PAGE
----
Saturday, January 22, 2005


Episode for Jan 21, 2005, Friday. Terong was half-minded to flee the scene at this point, but loyalty and concern prevailed upon him to remain by Gabriel’s side. Now that his master’s outburst had passed, he rose from his hiding-place and tentatively approached. “What’s happening to me?” Gabriel cried. “I don’t like what’s happening to me!” He sensed Terong coming near him and shot him a fierce look. Frightened, the servant fell back on the ground. “Don’t hurt me!” he said. “I’m not going to fight!” “Don’t worry,” Gabriel answered. “It’s me again. If what you saw earlier horrified you, it horrifies me even more. I hate myself for this!” The evil sparkle in his eyes had gone indeed. Now, though terrified beyond measure, Terong fought the impulse to ran away screaming, and instead, drew nearer and asked, “How did this happen to you? How did you become a Ravena? Since when? Was this what that old bird-man was talking about?” “I don’t know, Terong,” Gabriel replied. “I don’t knowIf I only knew the answers to your questions, and to mine…” His voice was shaking, and the first blush of red now colored his face as he began to weep. “Now, I know why Dakila has always hated me. He knew.” “Does Alwina know about this?” asked Terong. Gabriel shook his head. “I’ve thought of asking for her help,” he said. “But I don’t know anymore. She might not be able to accept me if she knew.” “Why not? Back in Tierra Fuego, when you found out about her wings, you accepted her, didn’t you?” “But our situation is different now. She’s a Mulawin, and the Ravena are the Mulawin’s mortal enemies. Ravena like me!” Bitter tears rolled down his cheeks as he said these words, and Terong felt helpless to aid him. “I just have one thing to ask of you,” Gabriel started to say. “Don’t worry,” Terong assured him. “Your secret is safe with me.” He was Gabriel’s truest friend o the end. Around the Mulawin tree, the Mulawin chiefs were banded together and confronted Aguiluz furiously. As the burden of blame fell on him, the Sugo realized too late the gravity of his own folly. Questions and angry comments were flung at him one after the other: “What are you doing out here?” “Why did you abandon the tree?” “It was your job to watch over it and you let us down!” Aguiluz went passed them and touched the invisible shield. The fruit was gone all right. He could not believe it. In that short span of time, someone had stolen it! The young warrior turned to the crowd and said in a tone as low as his spirits: “Forgive me.” But his apology barely registered in the ears of his listeners. Behind them all stood Alwina. “The fruit is gone because Aguiluz left the tree?” she said, surprised. “This happened as a result of his negligence,” Laab said to her. “We haven’t forgotten all that you did for us,” Dakila told Aguiluz. “But it was a serious error on your part to leave the tree. When the Sugo reached the Mulawin tree, things were restored to their proper states. But it is the fruit that will finally determine the end of evil in the world.”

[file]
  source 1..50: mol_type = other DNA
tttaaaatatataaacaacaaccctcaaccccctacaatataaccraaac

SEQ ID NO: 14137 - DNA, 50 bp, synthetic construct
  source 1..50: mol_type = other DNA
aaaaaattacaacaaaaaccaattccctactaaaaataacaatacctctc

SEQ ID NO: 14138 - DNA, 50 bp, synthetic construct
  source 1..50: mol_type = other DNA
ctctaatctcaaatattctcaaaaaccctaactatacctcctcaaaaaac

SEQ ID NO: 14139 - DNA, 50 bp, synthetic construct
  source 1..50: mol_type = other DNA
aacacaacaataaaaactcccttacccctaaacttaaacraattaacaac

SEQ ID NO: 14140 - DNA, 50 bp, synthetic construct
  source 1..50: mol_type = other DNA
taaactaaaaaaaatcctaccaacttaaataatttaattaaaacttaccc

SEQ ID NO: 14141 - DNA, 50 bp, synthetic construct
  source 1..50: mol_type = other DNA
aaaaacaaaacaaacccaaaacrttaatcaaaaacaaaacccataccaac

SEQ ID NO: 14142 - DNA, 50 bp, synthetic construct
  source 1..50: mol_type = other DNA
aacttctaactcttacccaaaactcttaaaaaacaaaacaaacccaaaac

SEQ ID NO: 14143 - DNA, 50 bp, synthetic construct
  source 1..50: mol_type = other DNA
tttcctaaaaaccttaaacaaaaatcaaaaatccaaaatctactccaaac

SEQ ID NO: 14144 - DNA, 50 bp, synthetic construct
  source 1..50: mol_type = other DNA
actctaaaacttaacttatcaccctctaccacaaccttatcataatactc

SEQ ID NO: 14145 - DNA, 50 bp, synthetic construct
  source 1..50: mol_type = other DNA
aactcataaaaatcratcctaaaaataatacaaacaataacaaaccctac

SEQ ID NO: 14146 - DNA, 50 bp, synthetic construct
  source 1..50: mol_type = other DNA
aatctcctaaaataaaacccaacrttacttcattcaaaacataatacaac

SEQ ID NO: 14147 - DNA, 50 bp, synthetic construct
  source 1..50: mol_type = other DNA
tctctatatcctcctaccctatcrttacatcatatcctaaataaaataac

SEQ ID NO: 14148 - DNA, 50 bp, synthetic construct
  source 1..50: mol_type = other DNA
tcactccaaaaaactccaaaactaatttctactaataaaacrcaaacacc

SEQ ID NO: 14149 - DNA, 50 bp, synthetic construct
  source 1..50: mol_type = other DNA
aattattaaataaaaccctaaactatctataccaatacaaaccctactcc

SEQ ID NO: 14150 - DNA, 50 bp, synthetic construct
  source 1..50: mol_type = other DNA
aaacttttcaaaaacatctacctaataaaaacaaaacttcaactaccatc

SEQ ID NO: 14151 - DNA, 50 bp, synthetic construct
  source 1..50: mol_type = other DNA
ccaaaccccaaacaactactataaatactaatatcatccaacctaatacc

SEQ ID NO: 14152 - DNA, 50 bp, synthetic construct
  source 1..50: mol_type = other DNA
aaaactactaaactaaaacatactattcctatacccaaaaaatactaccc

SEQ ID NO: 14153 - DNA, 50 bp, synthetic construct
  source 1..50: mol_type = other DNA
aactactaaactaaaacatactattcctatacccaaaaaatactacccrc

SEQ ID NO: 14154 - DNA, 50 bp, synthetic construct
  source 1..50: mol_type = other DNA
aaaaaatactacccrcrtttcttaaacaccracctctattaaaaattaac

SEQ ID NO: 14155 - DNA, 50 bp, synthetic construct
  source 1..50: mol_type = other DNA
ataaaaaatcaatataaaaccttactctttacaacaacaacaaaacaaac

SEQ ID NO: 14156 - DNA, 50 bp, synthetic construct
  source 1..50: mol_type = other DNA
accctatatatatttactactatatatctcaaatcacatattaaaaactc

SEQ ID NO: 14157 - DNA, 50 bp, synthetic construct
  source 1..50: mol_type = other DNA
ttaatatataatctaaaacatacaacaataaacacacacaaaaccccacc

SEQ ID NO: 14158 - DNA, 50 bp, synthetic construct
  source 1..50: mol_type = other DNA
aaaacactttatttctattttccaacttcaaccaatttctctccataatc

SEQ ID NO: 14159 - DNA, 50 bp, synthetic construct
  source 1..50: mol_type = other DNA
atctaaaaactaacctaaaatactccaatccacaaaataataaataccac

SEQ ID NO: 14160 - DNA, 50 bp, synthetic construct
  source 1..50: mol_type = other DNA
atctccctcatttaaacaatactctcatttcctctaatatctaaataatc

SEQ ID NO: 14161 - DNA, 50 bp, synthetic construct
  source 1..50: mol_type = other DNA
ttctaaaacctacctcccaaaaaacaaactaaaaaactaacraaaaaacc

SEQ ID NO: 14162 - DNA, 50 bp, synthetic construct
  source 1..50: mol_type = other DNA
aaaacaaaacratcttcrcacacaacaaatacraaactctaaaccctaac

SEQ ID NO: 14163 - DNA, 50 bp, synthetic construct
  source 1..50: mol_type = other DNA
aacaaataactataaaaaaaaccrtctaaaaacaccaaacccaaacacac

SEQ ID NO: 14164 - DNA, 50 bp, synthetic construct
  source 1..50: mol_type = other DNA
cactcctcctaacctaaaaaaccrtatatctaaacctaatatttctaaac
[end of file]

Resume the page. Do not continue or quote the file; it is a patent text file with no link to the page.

Ravenum knew this as well as his contemporary did, and this was why he, too, desired to possess the fruit. Meanwhile, it seemed Veronica was resolved once again to throw away her life. Bagwis chanced upon Lourdes calling after her, and the two pursued her. The Mulawin used his eagle’s sight to locate Veronica and soon caught up with her. “Don’t do this,” he said, grabbing her on the arm. “I can’t lose you a second time!” “It would be better for me to be gone,” she told him. “I’m just messing up your lives, especially Alwina’s.” Bagwis held her and insisted, “You’re her true mother, Veronica. We’re not going to give up until she accepts you!” Lourdes had been following him through the wood. When she finally reached them, she came upon the old lovers in an embrace. It was a familiar sight. Dakila called the citizens of Avila to assembly. “By now, you must have heard the bad news,” he began. “The fruit of the Mulawin tree is missing. I ask all of you to help search for. I cannot begin to describe what can happen if it goes into the wrong hands.” The crowd moaned in fear and dismay. Aguiluz was standing behind some trees, listening. He fled the scene, unsure of what to do next. But then, a band of Musang together with Lino encountered him. “There he is!” they cried. “It’s all his fault!” Rosing stood between them and Aguiluz. “Have pity on him!” she begged. “Don’t hurt him! Aguiluz, run!” So Aguiluz hurried away from there, hated and disgraced. Their rebukes were stamped in his memory: from Dakila, from Habagat, from Bagwis, and everyone else. Even Alwina had had nothing kind to say to him, only words of reproach. But she was still on his mind. How could he convince her of impending danger coming her way? How could he make her believe that this danger was Gabriel? Gus and Wis were playing together the next day as usual. They were aware of all the recent events, including Aguiluz’s costly blunder and Veronica’s attempts at her life. “Have you accepted Veronica yet?” asked Pagaspas to his friend. “Well, she lost her memory, so I forgive her,” said Lawiswis. “But I also understand Alwina. If I were here, I’d still pick Lourdes as my mother.” The inseparable companions then decided to run and play by themselves. Soon, Gus spotted an unusual-looking bird in the sky. He pointed out to it saying, “What a pretty bird!” Wis told him, “No, that’s a kite. Let’s go check it out!” So they traced the origin of the blue kite by following its thread. Their chase led them to another a boy who was about their size. “Look, a child!” they cried. A playmate other than Mayi! He had neatly trimmed hair, and dark eyes that held a steady gaze. The little boy introduced himself thus: “I am Niwalum. And you’re Pagaspas and Lawiswis.” “How do you know?” “How indeed… oh, I heard you two talking to each other.” Not far from there, Aviona was in her morning occupation of gathering fruits for herself and her friends. Aramis the hunter, eager to make amends for his recent misconduct, walked up to her and offered to help with her load. Aviona looked back glumly at him and saw a pink flower in his hand. “I was wrong to do that,” he told her. “I won’t do that to a tree again. Are you still mad at me?” But she was smiling already. “Do I look like I’m still angry?” she asked. Aramis then volunteered to carry the fruit-basket for her, but then decided to help himself to the harvest first. Aviona smiled as he did so. Alwina had stopped by Lourdes’ dwelling for breakfast. Bananas and corn were served at the table as usual. She was having mixed feelings about last night’s incident. “I don’t know whether to be happy or sad that Aguiluz and I have seen each other again,” she told Lourdes. “You talked to each other?” “Yes. I feel guilty. He left the tree because of me. Now, everyone is against him, Bagwis, Dakila, and the rest. What I don’t understand is why he keeps telling me to beware of Gabriel.” Lourdes raised her brows. “Gabriel?” she said. “But we’ve known from the very start, that he’s interested only in our welfare!” Just then, Veronica’s figure appeared outside the window. She was smiling. “So you two are here,” she said politely. “Good morning, Alwina.” Alwina turned her eyes away from her mother’s as soon as they met. She rose from her seat, excused herself, and promptly left. “So this is all that’s left of Halconia,” Ravenum mused as he surveyed the remains of their former stronghold. Rasmus nodded. “All our soldiers are gone,” he told his father, not mentioning who else he had lost. “We have no one else to rely on now but each other.” “You can rely on me,” Savannah said from behind them. “Why don’t you make me a Ravena?” The son of Ravenum almost reeled with disgust. “You, a Ravena!” he exclaimed. “Are you out of your mind?” Savannah ignored him and walked up to Ravenum himself and explained, “Before, when I pretended to be Vultra’s daughter and you offered to make me a Ravena, I was not yet ready. Now, I am. If you do that, you’ll be sorry you ever made anyone else your queen.” This remark – evidently an allusion to his lost wife – was insulting to Rasmus. “There is only one Queen of the Ravena, Savannah,” he told her indignantly, “and you cannot take her place.” “What’s that supposed to mean?” asked the girl. “You still love Vultra? It was that damned love that brought you down in the first place!” Ravenum came between them, and showed his approval to Savannah. “Why shouldn’t we turn her into a Ravena?” he said. “We can use her.” So he summoned the spirit of Perena as he used to do. Ravenum chanted several times, calling to “the Diwata of the darkness,” for her assistance. After repeated invocations, Perena made her presence felt even though she was not visible. She transformed Ravenum into a red and black-feathered bird-man. His features looked sickening to Savannah, who tried to hide her fear as she watched. Gabriel would have recognized him from his dreams. Rasmus stared in awe at his father. “I despise these feathers,” he said of his Mulawin plumage. “Turn me back into a Ravena, Father!” So the father drew his son’s soul into his mouth. Then a wall of fire leapt up from the ground and engulfed Rasmus in a red blaze. When the flames subsided, Savannah saw again the old Rasmus she had known. Rasmus yielded a faint smile. Better! Ravenum now turned to Savannah. “Are you ready?” Oh, well, she thought. Nothing left for me. No mother, no family, no town. “I’m ready,” she answered. It was the same process for her. Rasmus watched her metamorphosis in silence. Ravenum’s fire consumed her old body, and replaced it with the new. Now, Savannah had the same, predominantly crimson plumage that Vultra had had, and Ravena wings hung on her back. It was a far cry from the lost queen, of course. Even if she had been here, Savannah still would not look like her daughter. But the girl was pleased with herself. She could not see herself, of course, but Savannah definitely felt the change. Now, she felt stronger and meaner, and strangely, quite at home in her new form. Ravenum placed his hands on her shoulders and declared, “From now on, you are the Princess of the Ravena!” “I am now the Princess of the Ravena!” she echoed with glee. At least, he did not make her Queen!